It also helps to reduce carbon and air particulates by making use of the slash - the underbrush, branches, and tiny trees that get piled up during thinning projects. The Forest Service is required to remove the piles since they add fuel to wildfires, and without a cost-effective use for them, the slash piles are otherwise burned in the forest. Now the piles are being sent to the mill for processing into wood fuel. High efficiency EPA-certified boilers then use this fuel and significantly reduce its particulate and carbon output, especially compared to the emissions of wood burned in open fireplaces, inefficient wood stoves, or slash piles.

All of this adds up to incredible cost savings, and a renewable local system of restoration and efficient use of natural resources, not to mention the jobs that are created in the forest and the mills. But funding restoration projects - the keystone of the whole system - is still a huge challenge. The federal government is stuck in a cycle of fire suppression as wildfires in the West are greatly increasing in scale and severity as the effects of climate change set in. In 2012 alone, 9 million acres (14,062 sq. miles) burned in the nation, of which 600,000 acres were in Oregon. And this trend is increasing at an alarming rate.

Through our Dry Forest Investment Zone program, Sustainable Northwest has helped establish conditions that allow integrated biomass campuses to be established in Oregon, and we continue to advocate for increased funding for large scale federal forest restoration projects. In 2012 the federal government spent $3 billion fighting wildfires last year but only $350 million on forest management and restoration. We're working to change that ratio.

It's not just about rural

If you live in a timber town, the need for these local systems is readily apparent. The ripple effect from a lost industry - or a massive wildfire - can be devastating to a town. But if you don't see these effects first hand, the urgency might be less evident unless you consider that the Forest Service is currently spending close to $3 billion, half their annual budget (our tax dollars), on fire suppression. Imagine what the Forest Service could do with this extra $3 billion dollars. The backlog of trail and campground facility maintenance would be a great start. Or perhaps restoration of the rivers and watersheds that provide us all with clean air and drinking water.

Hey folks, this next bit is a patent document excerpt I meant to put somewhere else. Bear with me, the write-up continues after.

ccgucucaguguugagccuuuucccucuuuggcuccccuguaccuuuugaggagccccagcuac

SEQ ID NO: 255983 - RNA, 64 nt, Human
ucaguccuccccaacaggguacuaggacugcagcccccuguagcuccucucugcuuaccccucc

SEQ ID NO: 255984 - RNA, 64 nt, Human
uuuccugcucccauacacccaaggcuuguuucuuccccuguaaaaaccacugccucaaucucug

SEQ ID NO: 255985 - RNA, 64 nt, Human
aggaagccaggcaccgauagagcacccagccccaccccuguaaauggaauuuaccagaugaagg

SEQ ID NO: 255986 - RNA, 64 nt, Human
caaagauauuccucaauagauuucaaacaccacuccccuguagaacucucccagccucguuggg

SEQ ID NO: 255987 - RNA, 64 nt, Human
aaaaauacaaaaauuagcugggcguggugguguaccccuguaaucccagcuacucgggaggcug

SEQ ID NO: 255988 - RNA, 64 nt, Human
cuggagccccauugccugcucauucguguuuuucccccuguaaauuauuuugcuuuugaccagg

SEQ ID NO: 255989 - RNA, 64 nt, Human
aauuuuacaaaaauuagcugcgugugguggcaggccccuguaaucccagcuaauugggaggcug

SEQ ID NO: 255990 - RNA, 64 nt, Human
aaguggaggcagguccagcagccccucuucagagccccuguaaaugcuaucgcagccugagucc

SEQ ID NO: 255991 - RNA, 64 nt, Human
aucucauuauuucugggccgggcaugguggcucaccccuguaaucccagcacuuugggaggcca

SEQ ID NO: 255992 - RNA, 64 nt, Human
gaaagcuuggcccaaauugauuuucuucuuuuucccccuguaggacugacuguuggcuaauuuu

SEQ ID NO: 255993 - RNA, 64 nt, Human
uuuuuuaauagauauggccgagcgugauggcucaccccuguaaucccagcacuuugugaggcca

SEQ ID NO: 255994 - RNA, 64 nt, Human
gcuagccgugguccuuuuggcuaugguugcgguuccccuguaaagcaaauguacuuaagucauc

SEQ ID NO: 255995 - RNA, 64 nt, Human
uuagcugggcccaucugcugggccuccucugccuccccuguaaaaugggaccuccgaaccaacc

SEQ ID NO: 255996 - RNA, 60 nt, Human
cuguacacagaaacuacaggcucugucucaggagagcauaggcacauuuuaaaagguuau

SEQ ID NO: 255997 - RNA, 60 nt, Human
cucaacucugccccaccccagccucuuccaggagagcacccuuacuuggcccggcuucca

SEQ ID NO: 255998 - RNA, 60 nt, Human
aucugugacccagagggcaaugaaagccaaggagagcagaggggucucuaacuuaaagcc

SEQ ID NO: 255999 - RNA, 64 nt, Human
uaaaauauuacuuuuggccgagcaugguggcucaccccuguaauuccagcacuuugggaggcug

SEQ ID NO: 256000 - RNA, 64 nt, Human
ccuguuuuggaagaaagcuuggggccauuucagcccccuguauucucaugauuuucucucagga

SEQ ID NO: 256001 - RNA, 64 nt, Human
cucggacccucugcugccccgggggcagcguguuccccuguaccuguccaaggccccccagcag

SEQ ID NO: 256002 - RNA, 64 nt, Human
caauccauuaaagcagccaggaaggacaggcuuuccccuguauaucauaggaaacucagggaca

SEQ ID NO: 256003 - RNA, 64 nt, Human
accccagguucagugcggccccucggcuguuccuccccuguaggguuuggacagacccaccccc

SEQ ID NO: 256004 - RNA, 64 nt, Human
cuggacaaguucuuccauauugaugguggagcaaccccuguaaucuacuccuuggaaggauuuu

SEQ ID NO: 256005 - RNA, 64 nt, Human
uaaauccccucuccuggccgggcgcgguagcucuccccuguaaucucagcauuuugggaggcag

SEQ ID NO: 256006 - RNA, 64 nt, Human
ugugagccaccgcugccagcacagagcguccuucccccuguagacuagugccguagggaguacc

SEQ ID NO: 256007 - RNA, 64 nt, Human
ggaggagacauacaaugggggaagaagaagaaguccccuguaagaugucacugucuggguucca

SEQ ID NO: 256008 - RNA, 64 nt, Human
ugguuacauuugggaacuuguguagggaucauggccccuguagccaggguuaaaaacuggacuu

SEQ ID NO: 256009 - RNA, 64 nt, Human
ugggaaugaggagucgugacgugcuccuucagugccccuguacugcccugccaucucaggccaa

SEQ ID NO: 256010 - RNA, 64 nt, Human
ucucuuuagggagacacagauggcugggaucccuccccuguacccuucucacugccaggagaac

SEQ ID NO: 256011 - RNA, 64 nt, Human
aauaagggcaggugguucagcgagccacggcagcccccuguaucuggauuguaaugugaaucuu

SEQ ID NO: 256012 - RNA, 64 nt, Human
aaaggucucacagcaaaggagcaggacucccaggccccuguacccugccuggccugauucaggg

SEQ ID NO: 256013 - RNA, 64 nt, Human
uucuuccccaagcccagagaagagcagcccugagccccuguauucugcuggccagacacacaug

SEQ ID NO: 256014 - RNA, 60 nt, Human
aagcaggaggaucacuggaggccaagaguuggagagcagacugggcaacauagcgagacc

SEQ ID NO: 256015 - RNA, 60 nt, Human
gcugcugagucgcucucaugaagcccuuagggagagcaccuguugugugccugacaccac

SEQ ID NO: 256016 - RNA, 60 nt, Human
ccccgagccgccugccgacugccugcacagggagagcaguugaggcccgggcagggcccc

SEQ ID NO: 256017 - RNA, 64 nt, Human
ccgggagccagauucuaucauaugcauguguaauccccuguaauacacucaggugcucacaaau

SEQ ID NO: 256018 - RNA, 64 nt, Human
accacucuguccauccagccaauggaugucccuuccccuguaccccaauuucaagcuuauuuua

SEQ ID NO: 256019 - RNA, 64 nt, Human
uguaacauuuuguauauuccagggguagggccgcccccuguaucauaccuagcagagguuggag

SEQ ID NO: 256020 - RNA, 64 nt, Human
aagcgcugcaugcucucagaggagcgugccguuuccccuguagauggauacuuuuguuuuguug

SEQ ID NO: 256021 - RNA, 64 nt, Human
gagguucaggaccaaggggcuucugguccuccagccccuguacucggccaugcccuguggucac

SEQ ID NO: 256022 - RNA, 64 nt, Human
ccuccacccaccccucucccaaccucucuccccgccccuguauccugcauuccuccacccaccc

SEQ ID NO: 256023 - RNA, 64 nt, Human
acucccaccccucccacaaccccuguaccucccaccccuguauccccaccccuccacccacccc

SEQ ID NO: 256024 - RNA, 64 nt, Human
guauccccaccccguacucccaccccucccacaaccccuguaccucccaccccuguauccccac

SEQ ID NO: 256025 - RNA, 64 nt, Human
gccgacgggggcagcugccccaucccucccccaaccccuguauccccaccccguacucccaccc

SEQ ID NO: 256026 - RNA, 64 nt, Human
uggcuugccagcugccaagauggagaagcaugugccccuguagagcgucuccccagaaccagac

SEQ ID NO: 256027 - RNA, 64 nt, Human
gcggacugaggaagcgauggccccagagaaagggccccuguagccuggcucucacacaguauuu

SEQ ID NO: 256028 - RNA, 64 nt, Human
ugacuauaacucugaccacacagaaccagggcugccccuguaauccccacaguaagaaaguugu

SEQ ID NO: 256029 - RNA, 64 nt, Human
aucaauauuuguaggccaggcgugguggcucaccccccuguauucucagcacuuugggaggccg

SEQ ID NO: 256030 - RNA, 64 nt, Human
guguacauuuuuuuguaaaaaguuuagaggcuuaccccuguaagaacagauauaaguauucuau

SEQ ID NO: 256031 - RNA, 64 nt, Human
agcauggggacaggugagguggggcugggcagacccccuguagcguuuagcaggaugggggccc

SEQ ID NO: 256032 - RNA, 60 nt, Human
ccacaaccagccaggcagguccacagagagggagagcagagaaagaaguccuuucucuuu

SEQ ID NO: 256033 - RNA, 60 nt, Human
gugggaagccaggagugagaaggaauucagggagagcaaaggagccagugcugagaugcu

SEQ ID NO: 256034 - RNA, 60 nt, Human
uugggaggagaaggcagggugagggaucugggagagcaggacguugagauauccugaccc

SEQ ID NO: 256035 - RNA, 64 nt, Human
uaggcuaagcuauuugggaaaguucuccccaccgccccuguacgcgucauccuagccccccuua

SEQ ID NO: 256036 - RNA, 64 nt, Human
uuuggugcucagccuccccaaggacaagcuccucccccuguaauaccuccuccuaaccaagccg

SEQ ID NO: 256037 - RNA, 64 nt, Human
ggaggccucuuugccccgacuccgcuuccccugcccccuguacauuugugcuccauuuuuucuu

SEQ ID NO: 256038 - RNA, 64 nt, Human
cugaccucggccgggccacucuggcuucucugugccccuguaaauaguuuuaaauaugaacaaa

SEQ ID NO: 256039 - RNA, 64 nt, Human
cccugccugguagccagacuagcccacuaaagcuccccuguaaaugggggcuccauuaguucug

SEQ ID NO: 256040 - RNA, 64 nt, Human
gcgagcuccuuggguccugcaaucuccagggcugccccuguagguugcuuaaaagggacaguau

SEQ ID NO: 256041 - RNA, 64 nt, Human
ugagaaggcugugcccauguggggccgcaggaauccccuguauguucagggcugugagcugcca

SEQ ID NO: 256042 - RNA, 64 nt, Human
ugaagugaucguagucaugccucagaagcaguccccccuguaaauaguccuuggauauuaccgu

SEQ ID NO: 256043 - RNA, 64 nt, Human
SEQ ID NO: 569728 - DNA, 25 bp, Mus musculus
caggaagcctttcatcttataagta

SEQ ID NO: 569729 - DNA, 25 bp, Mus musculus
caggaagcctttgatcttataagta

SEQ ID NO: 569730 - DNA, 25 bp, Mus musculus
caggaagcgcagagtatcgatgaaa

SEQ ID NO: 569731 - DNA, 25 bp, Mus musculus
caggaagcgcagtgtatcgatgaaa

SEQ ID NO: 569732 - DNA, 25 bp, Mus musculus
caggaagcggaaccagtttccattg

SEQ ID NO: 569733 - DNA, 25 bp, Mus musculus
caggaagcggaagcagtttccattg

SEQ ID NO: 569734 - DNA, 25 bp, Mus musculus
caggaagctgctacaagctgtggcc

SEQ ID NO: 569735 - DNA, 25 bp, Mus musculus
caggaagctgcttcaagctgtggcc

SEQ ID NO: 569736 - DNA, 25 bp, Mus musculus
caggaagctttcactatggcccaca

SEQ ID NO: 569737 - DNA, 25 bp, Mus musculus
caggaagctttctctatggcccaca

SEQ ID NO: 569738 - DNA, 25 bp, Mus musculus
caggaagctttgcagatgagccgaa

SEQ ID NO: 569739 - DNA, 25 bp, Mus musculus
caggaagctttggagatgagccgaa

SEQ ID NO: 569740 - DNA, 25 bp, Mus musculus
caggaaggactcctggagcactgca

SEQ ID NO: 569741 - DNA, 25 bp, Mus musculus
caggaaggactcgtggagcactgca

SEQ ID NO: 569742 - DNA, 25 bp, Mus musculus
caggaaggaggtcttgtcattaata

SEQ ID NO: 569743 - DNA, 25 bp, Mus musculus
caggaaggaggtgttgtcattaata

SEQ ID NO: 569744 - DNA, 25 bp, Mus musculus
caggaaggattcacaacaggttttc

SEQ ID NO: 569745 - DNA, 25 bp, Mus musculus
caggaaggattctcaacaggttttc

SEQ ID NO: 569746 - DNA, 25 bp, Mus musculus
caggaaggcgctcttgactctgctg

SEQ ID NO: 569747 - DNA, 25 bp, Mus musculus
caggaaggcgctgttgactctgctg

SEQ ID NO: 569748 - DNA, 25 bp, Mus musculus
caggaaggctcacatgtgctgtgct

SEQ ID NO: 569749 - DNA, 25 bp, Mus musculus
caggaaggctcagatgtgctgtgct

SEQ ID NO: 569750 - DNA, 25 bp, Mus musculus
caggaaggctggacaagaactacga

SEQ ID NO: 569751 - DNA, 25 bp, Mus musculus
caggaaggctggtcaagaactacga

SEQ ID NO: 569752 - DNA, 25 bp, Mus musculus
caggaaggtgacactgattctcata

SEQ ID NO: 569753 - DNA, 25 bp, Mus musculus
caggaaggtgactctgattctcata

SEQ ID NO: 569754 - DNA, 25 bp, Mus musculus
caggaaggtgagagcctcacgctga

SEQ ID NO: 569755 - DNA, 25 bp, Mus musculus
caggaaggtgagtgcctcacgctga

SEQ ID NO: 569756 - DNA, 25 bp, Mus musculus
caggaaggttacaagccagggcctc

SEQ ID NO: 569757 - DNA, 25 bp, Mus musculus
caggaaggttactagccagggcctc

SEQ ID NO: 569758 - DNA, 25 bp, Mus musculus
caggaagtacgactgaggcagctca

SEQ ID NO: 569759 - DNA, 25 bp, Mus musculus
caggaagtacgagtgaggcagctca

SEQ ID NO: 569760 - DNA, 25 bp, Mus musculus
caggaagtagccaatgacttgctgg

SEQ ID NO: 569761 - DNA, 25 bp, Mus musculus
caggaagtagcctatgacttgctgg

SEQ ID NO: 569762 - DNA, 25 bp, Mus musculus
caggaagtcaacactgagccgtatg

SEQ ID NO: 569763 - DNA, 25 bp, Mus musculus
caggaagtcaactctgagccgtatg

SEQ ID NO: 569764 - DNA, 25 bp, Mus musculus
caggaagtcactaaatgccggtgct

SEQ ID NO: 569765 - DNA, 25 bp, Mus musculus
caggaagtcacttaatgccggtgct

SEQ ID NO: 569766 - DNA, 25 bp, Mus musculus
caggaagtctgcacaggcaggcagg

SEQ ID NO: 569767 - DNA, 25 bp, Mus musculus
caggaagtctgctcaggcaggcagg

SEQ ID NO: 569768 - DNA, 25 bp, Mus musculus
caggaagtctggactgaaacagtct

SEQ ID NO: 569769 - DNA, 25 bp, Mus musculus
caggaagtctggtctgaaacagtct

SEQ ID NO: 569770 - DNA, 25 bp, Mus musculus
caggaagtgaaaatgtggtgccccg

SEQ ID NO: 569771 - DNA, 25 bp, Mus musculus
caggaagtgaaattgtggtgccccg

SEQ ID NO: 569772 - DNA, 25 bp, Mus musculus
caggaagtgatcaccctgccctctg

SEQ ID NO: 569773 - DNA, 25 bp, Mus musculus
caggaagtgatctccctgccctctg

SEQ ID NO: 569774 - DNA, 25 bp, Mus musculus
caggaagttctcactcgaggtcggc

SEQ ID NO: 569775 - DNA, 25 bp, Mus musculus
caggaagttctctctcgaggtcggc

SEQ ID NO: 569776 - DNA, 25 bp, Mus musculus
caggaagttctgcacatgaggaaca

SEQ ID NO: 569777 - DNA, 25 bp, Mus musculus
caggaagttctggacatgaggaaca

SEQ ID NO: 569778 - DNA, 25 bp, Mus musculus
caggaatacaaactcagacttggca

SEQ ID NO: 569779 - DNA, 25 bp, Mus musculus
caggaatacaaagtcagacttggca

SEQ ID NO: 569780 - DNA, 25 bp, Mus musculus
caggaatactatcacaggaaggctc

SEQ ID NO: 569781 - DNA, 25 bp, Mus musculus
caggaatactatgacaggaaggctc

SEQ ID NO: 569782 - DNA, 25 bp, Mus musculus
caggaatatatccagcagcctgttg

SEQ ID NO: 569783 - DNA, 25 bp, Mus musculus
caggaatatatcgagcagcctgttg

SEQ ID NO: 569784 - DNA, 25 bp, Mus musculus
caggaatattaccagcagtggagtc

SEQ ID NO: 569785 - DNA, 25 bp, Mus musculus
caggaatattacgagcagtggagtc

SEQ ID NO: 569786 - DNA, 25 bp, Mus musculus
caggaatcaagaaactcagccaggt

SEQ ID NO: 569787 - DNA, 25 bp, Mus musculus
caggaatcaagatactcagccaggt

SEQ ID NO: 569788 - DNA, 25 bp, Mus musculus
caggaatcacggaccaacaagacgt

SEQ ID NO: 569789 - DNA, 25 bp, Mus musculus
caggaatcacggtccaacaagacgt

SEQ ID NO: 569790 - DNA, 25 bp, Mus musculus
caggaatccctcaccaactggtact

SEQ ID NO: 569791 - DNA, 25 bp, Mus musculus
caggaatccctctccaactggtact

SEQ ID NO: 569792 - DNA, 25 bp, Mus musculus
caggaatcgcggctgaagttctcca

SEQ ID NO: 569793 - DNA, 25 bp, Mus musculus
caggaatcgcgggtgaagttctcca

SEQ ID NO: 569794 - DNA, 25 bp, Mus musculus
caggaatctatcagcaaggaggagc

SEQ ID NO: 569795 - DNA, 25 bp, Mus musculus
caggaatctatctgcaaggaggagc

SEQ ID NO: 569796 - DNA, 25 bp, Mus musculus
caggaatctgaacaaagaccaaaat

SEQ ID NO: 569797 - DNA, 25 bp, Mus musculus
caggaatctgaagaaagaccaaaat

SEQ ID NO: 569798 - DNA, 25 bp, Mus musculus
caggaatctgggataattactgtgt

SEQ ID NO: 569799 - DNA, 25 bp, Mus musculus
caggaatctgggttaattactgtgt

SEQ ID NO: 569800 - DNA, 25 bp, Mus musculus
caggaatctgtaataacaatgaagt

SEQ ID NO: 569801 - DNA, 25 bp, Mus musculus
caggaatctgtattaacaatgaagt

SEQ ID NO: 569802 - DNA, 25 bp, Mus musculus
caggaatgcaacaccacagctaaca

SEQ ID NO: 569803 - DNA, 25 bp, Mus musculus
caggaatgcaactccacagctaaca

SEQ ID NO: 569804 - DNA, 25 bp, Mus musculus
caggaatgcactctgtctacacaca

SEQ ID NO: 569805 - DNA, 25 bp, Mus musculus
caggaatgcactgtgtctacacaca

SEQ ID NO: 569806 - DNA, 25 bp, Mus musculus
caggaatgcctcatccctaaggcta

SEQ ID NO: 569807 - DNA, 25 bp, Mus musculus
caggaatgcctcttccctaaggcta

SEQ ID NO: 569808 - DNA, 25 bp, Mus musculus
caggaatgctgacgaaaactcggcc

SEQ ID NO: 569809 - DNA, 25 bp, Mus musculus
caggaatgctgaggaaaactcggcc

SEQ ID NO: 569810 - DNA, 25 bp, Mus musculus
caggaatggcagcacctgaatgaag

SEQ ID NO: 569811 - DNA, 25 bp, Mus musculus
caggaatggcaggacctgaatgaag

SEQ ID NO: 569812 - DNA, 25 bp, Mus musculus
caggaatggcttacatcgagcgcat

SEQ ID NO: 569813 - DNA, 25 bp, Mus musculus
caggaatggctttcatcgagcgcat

What you can do to help

There is increasing state and national attention on the symbiosis of local biomass energy production and forest restoration. In August 2012 Oregon received a Forest Service pilot grant to develop biomass energy cluster projects that will use waste from forest restoration for heating energy. In the next couple of months there will be opportunities at the state and national levels to voice your support for biomass projects that restore forests. In the meantime, consider supporting forest restoration and pellet businesses directly by switching out your inefficient wood stove for a clean burning pellet stove. The Oregon Department of Energy has a tax credit incentive program that can help with this. 

As we see more and more positive results from innovative systems like "forest to boiler," it's easy to remain optimistic that our small towns will continue to rebound. As long as we remain on an upward trend, counties will have more money to pay for schools and other infrastructure, and achieve economic self-sufficiency. And everyone - rural and urban residents alike - can continue to enjoy and benefit from a beautiful, scenic, and healthy Northwest.